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US stock indexes on track to cap week with more record highs

Stocks moved broadly higher on Wall Street in afternoon trading Friday, placing the major indexes on track to set new highs. Health care and technology stocks powered much of the rally, which had the S&P 500 heading for its sixth straight weekly gain. The benchmark index moved above 3,100 points after briefly reaching that threshold earlier in the week.

The gains capped a week of slight, if milestone-setting moves in the market as investors mostly shrugged off published reports suggesting that trade talks between the U.S. and China have hit a snag. U.S. officials gave a rosier update Friday, saying they were making progress in the latest push for a trade agreement with China.

“Over the past week the market absorbed a number of challenging trade headlines, and it didn’t go down,” said Willie Delwiche, investment strategist at Baird. “It might just be the case that with positive momentum, after not having had a chance to pull the market down, the bulls stepped in again and said ‘let’s keep this thing going.’”

A report showing U.S. retail sales rebounded a modest 0.3% in October after falling the previous month also helped put traders in a buying mood. J.C. Penney surged after it raised its profit forecast.

Health care stocks were big winners, led by solid gains by health insurers after the Trump administration announced a rule forcing hospitals to make public the rates they negotiate with insurers for their services.

Technology stocks also helped drive the market higher. Companies in the sector are particularly sensitive to swings in trade sentiment because many of them rely on China for sales and supply chains. Applied Materials surged 8.4% on solid earnings.

Bond prices fell, pushing yields higher, a signal that investors were shifting away from safe-play holdings. The yield on the 10-year Treasury rose to 1.83% from 1.81% late Thursday. Materials stocks and makers of household goods lagged the market.

Investors hope the world’s two biggest economies can make a deal before new and more damaging tariffs take effect next month. Beijing is pressing Washington to roll back tariffs as part of a potential deal that the nations are trying to hammer out.

On Friday, Commerce Secretary Wilbur Ross told Fox Business that it is likely a trade deal will get done, though he noted that it’s still possible a pact could unravel at the last minute as it did in when both sides got close to a deal in May.

KEEPING SCORE: The S&P 500 index was up 0.6% as of 3:36 p.m. Eastern time. The Dow Jones Industrial Average gained 173 points, or 0.6%, to 27,955. The Nasdaq and the Russell 2000 index of smaller companies each rose 0.5%.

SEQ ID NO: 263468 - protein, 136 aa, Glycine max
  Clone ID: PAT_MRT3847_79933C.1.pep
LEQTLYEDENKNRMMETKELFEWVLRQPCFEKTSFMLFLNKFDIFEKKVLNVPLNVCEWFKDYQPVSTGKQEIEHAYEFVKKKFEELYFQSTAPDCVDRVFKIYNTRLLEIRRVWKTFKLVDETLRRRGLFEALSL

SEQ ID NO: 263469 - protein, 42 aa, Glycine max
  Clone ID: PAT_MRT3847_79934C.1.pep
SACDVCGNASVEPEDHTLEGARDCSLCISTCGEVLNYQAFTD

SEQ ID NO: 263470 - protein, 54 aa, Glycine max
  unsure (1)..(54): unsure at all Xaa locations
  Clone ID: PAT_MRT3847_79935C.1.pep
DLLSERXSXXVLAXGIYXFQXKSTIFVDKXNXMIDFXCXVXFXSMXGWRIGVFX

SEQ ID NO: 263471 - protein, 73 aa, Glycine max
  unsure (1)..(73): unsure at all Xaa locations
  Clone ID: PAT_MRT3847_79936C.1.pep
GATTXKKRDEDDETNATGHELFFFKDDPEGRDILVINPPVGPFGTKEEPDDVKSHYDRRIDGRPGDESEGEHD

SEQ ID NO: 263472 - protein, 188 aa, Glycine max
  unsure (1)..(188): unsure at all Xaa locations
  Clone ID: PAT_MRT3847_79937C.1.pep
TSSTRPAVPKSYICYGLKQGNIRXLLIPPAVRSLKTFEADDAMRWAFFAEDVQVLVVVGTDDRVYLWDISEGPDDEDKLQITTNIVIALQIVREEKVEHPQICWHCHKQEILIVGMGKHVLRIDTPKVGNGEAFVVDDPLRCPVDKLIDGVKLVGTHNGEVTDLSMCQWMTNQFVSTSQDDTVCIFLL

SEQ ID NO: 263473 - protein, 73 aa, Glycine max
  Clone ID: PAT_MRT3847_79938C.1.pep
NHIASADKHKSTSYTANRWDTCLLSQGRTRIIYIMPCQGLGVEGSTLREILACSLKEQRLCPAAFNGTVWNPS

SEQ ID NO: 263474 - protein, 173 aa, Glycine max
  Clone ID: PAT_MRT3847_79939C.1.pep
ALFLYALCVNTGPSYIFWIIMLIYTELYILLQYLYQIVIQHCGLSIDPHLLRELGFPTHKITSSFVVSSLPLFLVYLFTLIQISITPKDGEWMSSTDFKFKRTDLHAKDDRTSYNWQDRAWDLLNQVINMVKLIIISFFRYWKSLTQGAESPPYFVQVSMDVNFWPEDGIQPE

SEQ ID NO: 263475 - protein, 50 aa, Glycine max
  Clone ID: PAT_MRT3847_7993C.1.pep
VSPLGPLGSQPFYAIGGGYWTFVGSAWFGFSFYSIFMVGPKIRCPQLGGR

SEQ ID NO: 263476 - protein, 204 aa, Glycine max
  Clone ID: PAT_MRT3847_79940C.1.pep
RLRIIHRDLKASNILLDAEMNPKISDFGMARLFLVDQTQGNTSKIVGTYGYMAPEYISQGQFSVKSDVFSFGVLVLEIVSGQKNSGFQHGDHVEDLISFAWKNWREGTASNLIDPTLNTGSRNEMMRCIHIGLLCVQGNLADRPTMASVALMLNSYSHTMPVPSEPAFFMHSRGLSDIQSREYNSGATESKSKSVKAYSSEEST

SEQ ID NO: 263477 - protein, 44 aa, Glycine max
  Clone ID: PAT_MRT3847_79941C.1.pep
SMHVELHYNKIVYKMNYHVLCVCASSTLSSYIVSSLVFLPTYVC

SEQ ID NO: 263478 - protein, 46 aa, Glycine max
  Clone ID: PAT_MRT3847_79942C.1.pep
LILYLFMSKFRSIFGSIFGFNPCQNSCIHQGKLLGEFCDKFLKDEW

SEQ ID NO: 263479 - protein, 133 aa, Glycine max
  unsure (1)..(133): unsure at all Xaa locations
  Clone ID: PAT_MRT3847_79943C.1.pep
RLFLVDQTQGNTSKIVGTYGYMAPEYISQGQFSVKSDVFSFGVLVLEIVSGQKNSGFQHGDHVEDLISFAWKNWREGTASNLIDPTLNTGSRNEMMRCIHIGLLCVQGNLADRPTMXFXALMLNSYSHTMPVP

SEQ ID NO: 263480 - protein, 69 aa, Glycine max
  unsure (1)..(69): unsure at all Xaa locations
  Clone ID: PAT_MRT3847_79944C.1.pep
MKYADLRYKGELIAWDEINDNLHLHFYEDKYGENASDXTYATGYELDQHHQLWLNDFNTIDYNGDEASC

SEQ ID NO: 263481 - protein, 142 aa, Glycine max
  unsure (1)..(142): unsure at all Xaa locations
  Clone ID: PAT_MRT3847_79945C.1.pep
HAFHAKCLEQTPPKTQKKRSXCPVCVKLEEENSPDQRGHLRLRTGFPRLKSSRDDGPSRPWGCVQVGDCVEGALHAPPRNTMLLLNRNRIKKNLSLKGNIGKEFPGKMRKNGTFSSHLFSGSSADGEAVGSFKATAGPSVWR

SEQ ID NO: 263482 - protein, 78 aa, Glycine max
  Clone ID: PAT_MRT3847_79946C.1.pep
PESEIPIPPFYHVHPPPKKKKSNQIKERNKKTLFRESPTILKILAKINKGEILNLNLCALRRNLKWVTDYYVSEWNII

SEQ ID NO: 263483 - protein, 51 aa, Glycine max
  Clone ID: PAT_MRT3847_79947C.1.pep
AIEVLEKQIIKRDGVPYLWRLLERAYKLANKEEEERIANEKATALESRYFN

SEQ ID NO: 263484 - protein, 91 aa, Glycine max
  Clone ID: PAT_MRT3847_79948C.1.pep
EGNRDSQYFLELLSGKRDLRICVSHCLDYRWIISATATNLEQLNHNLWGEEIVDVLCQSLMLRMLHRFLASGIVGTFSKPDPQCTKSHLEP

Asian and European markets finished higher. SLOW AND STEADY: The S&P 500 is headed for a sixth straight weekly gain. The index has set records and extended its streak during a week of mostly listless trading. It’s on track to top its record close of 3,096.63 from Thursday.

The Dow is on track for its fourth week of gains. It is poised to beat its record close of 27,783.59, which it set on Wednesday. The Nasdaq could also potentially beat its record of 8,486.09, which it set on Tuesday.

A HEALTHY BOOST: Health insurers led all health care sector stocks after the Trump administration officially announced a rule that would require hospitals and insurers to make public the rates they negotiate for drugs, doctor visits and other health care services. Humana climbed 4.4%, UnitedHealth Group rose 4.3% and Anthem gained 3.6%.

BUFFETT BUMP: Luxury retailer RH climbed 7.6% and energy company Occidental Petroleum gained 2.9% after Warren Buffett’s company disclosed that it had picked up shares of both companies. BIG FISH: Amarin jumped 10.5% after a government advisory panel recommended broader use of its fish oil-based heart disease drug Vascepa. Financial analysts predict that broader use of the drug could translate into billions in sales.

DRESSED FOR SUCCESS: J.C. Penney vaulted 8.6% after the struggling department store chain reported a smaller quarterly loss and raised its annual profit forecast.

AP Business Writer Damian J. Troise contributed.

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